The ProsenPeople

Like Father, Like Son

Wednesday, February 22, 2017| Permalink

Following up on his children’s biography of Leonard Nimoy, Richard Michelson’s newest book for young readers The Language of Angels: A Story About the Reinvention of Hebrew comes out tomorrow! Richard is guest blogging for the Jewish Book Council all week as part of the Visiting Scribe series here on The ProsenPeople.

Child abuse! Had I lived in Jerusalem in the late nineteenth century, I would have undoubtedly joined the chorus of those charging Eliezer Ben-Yehuda with that crime.

Would I have considered the Maccabees religious zealots who deserved to be routed, or would I have joined their Chanukah celebration? Would I have accused Jesus of heresy or shared in his Passover feast?

History has a way of confounding your beliefs and expectations. I can only judge myself and others within my own timeframe, but I am certain that I would have disliked much about Eliezer Ben-Yehuda, especially the way he bullied those around him—his children, wives, friends—in pursuit of his own dreams. But… what dreams they were, to bring Hebrew back to life in our own time! To champion a language, for how can you have a homeland without a common language?

Ben-Yehuda was successful beyond his wildest expectations, surmounting insurmountable odds. When Eliezer arrived in Jerusalem in 1881, no one spoke Hebrew as their daily language. Neighbors spoke Arabic, Spanish, Turkish, English, and numerous other dialects. It was a regular city of Babel. Jews who immigrated spoke Yiddish, Ladino, or any one of the many languages they had learned in the country that they emigrated from. Jews who had never left their Holy Land considered Hebrew appropriate only for religious worship. To speak Hebrew in the bathroom? Unspeakable! Eliezer Ben-Yehuda was meshugge!

But during his lifetime, 55 schools opened with all instruction in Hebrew. Ben-Yehuda created the first Hebrew dictionary and coined words for countless ideas and objects that had not been in existence when Hebrew ceased to be a spoken language. To make up new words, he studied ancient languages related to Hebrew: Assyrian, Egyptian, Amharic, Coptic, and Arabic, which was then only Semitic language that had remained in use throughout the ages. Ben-Yehuda believed that Jews and Arabs were mishpacha— family—and should share the land and live together. He delivered a lecture at the Arabic Academy of Science and told his audience about the close linguistic relationship between Arabic and Hebrew. He explained how he had borrowed many words from Arabic, and that some Arabic words had been borrowed from Hebrew. Most Arabs respected him and were pleased to hear their “sister tongue” spoken in the markets.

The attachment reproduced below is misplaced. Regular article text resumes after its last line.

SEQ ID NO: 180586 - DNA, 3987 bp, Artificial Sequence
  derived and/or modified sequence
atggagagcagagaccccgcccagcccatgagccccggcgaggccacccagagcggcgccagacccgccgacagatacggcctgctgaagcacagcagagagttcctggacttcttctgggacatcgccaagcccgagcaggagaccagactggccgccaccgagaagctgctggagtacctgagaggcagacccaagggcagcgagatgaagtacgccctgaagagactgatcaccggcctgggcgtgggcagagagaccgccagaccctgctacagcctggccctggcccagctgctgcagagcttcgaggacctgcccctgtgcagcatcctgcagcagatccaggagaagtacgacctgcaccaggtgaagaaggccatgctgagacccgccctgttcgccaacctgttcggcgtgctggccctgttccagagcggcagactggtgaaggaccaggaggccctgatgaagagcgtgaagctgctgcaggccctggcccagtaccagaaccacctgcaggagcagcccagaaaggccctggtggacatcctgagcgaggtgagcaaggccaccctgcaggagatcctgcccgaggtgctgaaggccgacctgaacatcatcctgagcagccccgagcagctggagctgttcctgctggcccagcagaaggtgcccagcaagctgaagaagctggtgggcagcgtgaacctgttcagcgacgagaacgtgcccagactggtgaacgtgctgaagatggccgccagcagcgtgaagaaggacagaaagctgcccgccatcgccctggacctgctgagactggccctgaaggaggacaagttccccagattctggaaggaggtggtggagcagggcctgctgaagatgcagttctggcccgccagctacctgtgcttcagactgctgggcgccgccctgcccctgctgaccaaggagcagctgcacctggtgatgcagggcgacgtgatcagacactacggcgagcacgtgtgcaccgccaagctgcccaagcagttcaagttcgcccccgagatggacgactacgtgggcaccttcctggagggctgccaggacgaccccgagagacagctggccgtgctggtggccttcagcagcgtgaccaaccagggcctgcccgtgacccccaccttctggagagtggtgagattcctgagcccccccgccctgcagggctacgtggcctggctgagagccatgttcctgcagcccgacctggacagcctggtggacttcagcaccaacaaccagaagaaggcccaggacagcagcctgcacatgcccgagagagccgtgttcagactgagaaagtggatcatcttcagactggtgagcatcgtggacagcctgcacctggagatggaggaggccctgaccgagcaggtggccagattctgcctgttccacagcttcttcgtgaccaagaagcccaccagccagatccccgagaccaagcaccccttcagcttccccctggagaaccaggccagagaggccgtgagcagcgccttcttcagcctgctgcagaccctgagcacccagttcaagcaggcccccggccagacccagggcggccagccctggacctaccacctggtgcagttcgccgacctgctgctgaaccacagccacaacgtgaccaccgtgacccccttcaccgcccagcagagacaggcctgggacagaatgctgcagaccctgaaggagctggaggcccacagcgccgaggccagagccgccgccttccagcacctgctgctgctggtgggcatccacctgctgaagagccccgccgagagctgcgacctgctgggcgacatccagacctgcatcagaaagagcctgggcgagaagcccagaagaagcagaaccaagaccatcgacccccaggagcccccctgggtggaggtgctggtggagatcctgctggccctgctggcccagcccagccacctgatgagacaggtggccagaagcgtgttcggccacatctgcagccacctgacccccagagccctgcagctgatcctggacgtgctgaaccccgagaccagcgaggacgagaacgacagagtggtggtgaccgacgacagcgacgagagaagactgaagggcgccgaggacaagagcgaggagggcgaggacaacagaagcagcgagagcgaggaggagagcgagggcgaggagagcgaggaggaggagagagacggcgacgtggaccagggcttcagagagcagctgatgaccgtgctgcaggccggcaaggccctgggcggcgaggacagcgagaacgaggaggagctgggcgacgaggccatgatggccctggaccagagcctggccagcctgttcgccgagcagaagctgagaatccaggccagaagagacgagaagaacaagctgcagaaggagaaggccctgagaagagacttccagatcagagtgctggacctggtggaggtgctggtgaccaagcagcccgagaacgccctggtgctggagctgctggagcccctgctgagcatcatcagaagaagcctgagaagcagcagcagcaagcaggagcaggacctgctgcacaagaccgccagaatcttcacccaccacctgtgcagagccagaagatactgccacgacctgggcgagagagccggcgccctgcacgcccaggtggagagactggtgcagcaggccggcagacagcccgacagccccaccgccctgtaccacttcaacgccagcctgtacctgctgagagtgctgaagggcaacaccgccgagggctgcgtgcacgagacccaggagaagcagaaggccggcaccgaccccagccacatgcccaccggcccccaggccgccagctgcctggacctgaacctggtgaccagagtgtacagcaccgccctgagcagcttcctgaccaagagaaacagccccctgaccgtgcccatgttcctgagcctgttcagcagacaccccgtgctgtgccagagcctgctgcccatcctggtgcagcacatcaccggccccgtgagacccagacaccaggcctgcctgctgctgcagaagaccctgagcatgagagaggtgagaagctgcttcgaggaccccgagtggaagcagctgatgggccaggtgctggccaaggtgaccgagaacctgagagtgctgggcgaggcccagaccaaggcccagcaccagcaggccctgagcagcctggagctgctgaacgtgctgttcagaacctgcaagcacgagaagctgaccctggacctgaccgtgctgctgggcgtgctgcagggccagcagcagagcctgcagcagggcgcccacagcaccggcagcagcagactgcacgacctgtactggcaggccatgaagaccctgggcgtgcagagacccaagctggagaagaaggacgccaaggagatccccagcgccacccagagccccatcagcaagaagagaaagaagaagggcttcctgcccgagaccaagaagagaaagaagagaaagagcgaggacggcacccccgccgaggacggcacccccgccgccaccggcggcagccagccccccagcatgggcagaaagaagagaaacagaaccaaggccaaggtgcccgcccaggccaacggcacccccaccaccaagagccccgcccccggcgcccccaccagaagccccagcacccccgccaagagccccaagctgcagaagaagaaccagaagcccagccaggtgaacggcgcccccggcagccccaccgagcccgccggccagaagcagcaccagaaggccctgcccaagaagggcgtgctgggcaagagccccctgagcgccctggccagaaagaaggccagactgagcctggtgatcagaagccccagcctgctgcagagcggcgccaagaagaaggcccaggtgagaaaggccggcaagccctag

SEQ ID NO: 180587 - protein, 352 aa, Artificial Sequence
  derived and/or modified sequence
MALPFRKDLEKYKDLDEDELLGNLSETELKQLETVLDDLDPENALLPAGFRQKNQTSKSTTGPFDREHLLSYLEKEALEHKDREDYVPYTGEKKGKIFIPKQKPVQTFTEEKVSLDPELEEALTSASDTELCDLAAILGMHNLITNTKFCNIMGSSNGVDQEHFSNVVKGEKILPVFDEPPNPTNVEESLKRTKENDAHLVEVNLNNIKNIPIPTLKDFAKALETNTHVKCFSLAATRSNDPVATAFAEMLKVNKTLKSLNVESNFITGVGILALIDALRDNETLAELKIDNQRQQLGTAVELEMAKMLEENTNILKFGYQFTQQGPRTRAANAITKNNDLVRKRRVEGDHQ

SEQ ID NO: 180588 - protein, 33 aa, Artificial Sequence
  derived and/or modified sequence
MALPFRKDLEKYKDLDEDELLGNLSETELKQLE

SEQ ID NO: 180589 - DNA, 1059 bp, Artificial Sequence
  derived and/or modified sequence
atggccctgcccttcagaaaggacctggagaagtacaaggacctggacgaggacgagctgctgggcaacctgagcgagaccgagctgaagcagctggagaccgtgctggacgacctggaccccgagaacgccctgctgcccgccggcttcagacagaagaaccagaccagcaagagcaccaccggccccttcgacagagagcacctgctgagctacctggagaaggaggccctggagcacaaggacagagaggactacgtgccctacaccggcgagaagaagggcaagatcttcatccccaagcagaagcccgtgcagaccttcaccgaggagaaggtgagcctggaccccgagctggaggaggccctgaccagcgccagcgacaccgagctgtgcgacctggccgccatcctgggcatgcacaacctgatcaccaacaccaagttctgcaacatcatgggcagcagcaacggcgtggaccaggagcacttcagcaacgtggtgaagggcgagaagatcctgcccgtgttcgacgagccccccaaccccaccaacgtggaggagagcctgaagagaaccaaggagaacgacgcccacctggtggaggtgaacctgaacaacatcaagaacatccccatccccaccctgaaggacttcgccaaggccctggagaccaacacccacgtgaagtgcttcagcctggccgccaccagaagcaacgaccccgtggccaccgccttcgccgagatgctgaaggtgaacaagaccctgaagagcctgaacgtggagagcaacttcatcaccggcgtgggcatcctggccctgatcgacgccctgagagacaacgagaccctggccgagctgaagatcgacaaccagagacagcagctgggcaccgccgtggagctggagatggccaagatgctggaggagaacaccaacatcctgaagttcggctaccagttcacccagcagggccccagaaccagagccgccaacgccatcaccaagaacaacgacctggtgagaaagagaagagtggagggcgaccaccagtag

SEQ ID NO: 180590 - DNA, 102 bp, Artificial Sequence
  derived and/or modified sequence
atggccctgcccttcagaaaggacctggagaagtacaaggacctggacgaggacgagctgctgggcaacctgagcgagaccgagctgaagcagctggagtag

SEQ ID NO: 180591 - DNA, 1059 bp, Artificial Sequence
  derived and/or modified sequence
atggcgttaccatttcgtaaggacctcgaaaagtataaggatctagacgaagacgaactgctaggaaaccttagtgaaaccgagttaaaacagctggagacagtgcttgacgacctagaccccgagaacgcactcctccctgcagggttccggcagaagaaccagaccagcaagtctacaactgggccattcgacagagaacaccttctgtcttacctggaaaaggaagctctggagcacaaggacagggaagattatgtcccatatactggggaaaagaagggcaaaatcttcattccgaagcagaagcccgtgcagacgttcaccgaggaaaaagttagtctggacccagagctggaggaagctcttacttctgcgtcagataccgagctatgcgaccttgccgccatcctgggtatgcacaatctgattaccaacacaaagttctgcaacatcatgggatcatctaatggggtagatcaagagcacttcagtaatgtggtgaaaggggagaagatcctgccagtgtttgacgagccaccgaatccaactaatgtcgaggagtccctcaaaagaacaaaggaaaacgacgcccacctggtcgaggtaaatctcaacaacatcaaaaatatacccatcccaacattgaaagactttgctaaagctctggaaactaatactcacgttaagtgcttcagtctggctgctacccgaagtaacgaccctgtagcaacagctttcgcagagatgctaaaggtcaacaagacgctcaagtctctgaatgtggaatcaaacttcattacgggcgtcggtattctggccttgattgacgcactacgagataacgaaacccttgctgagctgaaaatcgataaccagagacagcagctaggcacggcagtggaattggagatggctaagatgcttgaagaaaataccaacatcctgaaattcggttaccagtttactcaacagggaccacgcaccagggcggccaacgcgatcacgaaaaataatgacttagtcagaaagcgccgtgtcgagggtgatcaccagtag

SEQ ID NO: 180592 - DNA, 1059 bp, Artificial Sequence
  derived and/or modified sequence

In 1948 the State of Israel was established, and Hebrew was made the national language. Today more than three million people speak Hebrew every day.

But my story is about Ben-Zion Ben-Yehuda, the very first child in over 2,000 years to grow up with Hebrew as their first and, for a time, only language. He would hear ONLY Hebrew until he was five years old: that meant, of course, he couldn’t play with the other neighborhood children, and his father went so far as to cover Ben Zion’s ears when cows were mooing and dogs were barking. He forbade his wife, Devorah, from comforting her son with the Russian folk songs that she had grown up hearing.

Eliezer Ben-Yehude had a point to prove and his son was his experimental subject. When Ben Zion was four years old, he had yet to speak, and his mother was beside herself with worry. The neighbors mocked the crazy man in their midst. I’d have had him arrested for child abuse.

And yet… and yet the more I read, the more I fell in love with this madman. His passion for words and language, and his single-minded focus won me over. It helps, of course, that the son grew up to idolize the father, and become a man of words himself. Ben-Zion changed his name to Itamar Ben-Avi. Ben-Avi means “son of my father,” and like his father, he remained interested in words and language throughout his life. He wrote a biography of his father, as well as his own autobiography; he became a journalist and newspaper publisher.

Eliezer wanted all Jews to learn Hebrew so they could talk with one another, regardless of their origins, but Itamar wanted everyone in the world to be able to converse. He championed an international language called Esperanto, though with less success than his father. (In 1966, William Shatner—before he became Captain Kirk of Star Trek fame—starred in the Hollywood thriller Incubus, written and acted entirely in Esperanto. But that is another tale entirely, and we shouldn’t blame Itamar for that fiasco.)

After my book was completed I had the honor of corresponding with Ben-Yehuda’s grandson, a Florida-based rabbi who is also named Eliezer Ben-Yehuda, and also went into “the family business.” He wrote a biography of his grandfather, and as a writer and scholar he continues to champion his love of words and the Hebrew language. So I guess it a good thing that I wasn’t the one making the decision in the late nineteenth century about whether or not to toss the meshugeneh into jail.

Richard Michelson is the proprietor of R. Michelson Galleries in Northampton, Massachusetts. He has written many acclaimed books for adults and children, including Fascinating: The Life of Leonard Nimoyand The Language of Angels: A Story About the Reinvention of Hebrew.

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